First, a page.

Just days after discovering an 84-metre, 90-tonne fatberg - the biggest the North West has ever seen - United Utilities are on the lookout for a new vlogging star to spearhead their campaign to get young people to 'Think before you flush'.
Searching for someone to help with a new initiative aiming to reduce the chance of fatbergs - congealed masses of non-biodegradables such as wet wipes and cooking fat which build up in sewers - becoming a more frequent occurrence, the North West's water services company wants the region's 11- to 13-year-old students to raise awareness using two-minute vlogs.
Inspired by the discovery of the behemoth fatberg in the sewers of Liverpool, the campaign will see the winning vlogstar champion land a £250-worth of Amazon vouchers, earn a £1,000 donation for their school, and become one of United Utilities youth ambassadors.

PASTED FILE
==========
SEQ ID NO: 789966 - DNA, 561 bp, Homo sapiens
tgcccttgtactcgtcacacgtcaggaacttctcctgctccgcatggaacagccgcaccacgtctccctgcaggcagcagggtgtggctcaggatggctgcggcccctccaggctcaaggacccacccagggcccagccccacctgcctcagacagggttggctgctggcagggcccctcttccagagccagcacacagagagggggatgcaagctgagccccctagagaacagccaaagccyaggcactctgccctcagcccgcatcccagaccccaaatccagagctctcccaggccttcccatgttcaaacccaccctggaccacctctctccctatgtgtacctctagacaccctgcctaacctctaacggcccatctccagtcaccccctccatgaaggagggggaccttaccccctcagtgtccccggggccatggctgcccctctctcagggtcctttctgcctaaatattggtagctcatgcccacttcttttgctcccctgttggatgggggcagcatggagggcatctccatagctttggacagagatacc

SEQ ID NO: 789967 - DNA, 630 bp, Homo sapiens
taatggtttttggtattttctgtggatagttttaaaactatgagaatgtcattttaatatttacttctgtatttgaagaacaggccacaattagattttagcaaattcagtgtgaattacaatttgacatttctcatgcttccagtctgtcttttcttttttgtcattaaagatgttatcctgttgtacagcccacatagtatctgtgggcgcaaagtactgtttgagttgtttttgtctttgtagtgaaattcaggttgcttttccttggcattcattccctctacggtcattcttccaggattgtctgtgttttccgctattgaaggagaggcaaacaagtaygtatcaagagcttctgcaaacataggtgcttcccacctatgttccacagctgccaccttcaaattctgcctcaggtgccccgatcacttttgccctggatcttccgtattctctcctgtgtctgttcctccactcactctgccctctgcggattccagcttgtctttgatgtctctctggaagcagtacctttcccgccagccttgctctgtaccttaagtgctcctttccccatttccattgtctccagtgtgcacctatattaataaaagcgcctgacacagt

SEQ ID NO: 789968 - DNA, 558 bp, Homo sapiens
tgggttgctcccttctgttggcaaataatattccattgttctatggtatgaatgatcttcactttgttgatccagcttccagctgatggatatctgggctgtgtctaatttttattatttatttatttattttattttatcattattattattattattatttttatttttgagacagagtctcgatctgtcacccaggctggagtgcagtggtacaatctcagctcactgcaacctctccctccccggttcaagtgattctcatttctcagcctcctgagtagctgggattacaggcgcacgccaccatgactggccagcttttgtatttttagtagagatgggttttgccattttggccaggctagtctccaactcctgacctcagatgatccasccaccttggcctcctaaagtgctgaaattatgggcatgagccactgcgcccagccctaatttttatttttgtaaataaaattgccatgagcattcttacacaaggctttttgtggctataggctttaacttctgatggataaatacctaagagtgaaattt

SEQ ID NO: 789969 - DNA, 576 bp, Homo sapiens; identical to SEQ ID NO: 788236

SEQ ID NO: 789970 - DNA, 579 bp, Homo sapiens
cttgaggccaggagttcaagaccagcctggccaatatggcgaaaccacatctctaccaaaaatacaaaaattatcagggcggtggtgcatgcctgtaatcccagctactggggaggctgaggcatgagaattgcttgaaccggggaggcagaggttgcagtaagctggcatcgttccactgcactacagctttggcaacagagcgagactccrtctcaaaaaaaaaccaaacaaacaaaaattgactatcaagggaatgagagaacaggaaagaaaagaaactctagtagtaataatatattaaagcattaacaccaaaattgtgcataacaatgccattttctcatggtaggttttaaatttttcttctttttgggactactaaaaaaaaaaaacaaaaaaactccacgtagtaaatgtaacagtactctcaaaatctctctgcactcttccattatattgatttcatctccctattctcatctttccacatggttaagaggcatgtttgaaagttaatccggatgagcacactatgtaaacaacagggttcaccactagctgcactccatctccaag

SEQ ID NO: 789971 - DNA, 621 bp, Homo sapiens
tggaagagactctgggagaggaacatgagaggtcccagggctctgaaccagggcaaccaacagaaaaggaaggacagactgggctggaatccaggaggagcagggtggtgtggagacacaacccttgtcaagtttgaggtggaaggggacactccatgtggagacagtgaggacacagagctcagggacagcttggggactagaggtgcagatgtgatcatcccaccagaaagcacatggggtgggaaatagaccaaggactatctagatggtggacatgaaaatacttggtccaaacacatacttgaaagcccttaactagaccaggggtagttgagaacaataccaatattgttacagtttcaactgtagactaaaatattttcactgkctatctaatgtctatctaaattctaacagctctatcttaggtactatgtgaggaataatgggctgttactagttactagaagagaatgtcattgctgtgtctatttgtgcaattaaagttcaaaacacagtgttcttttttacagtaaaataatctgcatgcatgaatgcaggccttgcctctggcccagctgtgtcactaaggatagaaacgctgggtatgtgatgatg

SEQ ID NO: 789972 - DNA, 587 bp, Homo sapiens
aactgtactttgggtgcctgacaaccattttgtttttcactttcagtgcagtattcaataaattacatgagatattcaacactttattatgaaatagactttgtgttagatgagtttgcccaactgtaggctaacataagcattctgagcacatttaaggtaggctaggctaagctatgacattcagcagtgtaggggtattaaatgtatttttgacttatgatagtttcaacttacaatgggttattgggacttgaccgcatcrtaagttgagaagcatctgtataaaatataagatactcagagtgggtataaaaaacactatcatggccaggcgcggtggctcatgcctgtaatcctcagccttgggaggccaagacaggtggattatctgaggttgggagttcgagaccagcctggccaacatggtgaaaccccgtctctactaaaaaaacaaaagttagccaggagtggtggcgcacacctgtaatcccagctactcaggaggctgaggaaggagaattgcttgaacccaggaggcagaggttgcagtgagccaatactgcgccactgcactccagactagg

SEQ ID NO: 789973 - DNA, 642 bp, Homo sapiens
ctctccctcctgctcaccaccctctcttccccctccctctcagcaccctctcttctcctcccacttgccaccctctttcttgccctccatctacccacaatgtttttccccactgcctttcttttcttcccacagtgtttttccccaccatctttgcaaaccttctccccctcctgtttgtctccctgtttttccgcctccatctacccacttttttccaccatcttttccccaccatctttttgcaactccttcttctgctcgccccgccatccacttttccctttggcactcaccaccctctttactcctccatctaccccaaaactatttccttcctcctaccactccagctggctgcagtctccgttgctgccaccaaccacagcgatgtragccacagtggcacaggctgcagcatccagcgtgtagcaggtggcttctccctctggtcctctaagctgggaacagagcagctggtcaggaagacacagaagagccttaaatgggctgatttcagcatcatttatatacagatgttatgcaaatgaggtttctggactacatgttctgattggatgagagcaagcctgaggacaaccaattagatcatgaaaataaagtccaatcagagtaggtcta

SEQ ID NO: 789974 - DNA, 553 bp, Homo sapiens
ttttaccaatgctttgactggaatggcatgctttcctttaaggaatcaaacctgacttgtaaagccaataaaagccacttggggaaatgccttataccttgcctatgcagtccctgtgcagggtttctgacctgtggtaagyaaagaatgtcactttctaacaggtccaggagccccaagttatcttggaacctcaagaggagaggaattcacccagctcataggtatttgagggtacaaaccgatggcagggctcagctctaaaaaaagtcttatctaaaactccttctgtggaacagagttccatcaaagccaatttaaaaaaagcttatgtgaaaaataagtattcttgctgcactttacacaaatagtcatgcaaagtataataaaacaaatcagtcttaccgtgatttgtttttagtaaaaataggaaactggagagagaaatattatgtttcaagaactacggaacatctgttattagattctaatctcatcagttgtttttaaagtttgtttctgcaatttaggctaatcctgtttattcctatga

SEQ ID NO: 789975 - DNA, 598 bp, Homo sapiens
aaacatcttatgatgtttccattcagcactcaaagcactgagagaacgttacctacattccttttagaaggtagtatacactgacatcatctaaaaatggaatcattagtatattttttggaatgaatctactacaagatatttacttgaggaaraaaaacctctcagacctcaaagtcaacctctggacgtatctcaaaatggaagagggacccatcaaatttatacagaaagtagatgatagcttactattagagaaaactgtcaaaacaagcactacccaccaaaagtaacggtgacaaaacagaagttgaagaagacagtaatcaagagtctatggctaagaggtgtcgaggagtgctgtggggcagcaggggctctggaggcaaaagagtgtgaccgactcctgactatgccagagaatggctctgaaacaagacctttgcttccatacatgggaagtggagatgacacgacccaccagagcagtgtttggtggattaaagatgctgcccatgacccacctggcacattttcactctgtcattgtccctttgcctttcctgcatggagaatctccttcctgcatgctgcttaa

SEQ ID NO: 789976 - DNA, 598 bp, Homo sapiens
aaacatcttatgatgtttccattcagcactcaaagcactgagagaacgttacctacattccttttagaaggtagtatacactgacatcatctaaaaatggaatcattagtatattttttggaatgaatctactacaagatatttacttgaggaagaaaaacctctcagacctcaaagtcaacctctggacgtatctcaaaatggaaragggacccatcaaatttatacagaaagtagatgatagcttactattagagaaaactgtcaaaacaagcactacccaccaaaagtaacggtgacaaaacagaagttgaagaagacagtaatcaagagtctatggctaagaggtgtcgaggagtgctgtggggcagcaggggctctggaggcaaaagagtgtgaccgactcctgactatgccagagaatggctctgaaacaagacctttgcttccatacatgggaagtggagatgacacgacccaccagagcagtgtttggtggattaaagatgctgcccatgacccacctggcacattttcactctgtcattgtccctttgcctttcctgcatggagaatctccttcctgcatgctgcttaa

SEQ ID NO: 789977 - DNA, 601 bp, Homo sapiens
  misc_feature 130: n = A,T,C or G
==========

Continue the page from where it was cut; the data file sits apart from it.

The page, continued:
“Even though we have a multi-million pound cleaning programme to try and keep our sewers clear, sometimes the first we know about a problem is when homeowners are impacted by flooding," explained Rose Francis, United Utilities’ campaigns manager. “Things like congealed fats, grease, wet wipes and sanitary products which have been poured down the sink or flushed down the toilet don’t just disappear and dissolve – they clump together and cause havoc in the sewers.
“Our engineers are currently digging out an 84-metre, 90 tonne fatberg which has stopped sewage passing through the pipe and all too often we see the misery caused to people when blocked sewers have caused their homes and gardens to flood with sewage," Rose added.
Open to students who attend school in the North West, the competition offers students the opportunity to work with a large organisation and help tackle a real issue affecting countless people. Those wishing to enter must submit their vlog before the closing date on March 4th at www.unitedutilities.com/vlogstars.
“Tapping into the teenage market, an age-group we’re always trying to target is key for us as a company to get the next generation enlightened to the issue," Rose said. "And the best way to get our key messages across in a way that will appeal is to engage with students across our region.”